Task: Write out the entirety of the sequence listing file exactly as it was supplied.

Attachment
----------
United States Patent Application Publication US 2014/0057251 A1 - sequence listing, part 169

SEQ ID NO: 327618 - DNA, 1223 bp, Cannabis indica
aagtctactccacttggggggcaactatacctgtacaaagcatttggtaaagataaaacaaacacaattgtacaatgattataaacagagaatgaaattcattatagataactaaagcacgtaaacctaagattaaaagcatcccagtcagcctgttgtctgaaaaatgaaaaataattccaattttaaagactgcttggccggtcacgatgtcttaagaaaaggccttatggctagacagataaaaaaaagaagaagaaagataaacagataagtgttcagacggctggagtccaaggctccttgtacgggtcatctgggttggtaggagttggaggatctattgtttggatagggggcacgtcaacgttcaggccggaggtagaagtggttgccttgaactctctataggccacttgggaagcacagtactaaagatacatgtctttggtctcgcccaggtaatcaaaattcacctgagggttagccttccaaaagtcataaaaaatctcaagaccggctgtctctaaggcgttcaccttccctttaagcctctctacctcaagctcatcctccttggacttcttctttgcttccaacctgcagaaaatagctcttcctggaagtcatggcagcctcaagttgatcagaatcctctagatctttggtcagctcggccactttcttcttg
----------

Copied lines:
United States Patent Application Publication US 2014/0057251 A1 - sequence listing, part 169

SEQ ID NO: 327618 - DNA, 1223 bp, Cannabis indica
aagtctactccacttggggggcaactatacctgtacaaagcatttggtaaagataaaacaaacacaattgtacaatgattataaacagagaatgaaattcattatagataactaaagcacgtaaacctaagattaaaagcatcccagtcagcctgttgtctgaaaaatgaaaaataattccaattttaaagactgcttggccggtcacgatgtcttaagaaaaggccttatggctagacagataaaaaaaagaagaagaaagataaacagataagtgttcagacggctggagtccaaggctccttgtacgggtcatctgggttggtaggagttggaggatctattgtttggatagggggcacgtcaacgttcaggccggaggtagaagtggttgccttgaactctctataggccacttgggaagcacagtactaaagatacatgtctttggtctcgcccaggtaatcaaaattcacctgagggttagccttccaaaagtcataaaaaatctcaagaccggctgtctctaaggcgttcaccttccctttaagcctctctacctcaagctcatcctccttggacttcttctttgcttccaacctgcagaaaatagctcttcctggaagtcatggcagcctcaagttgatcagaatcctctagatctttggtcagctcggccactttcttcttg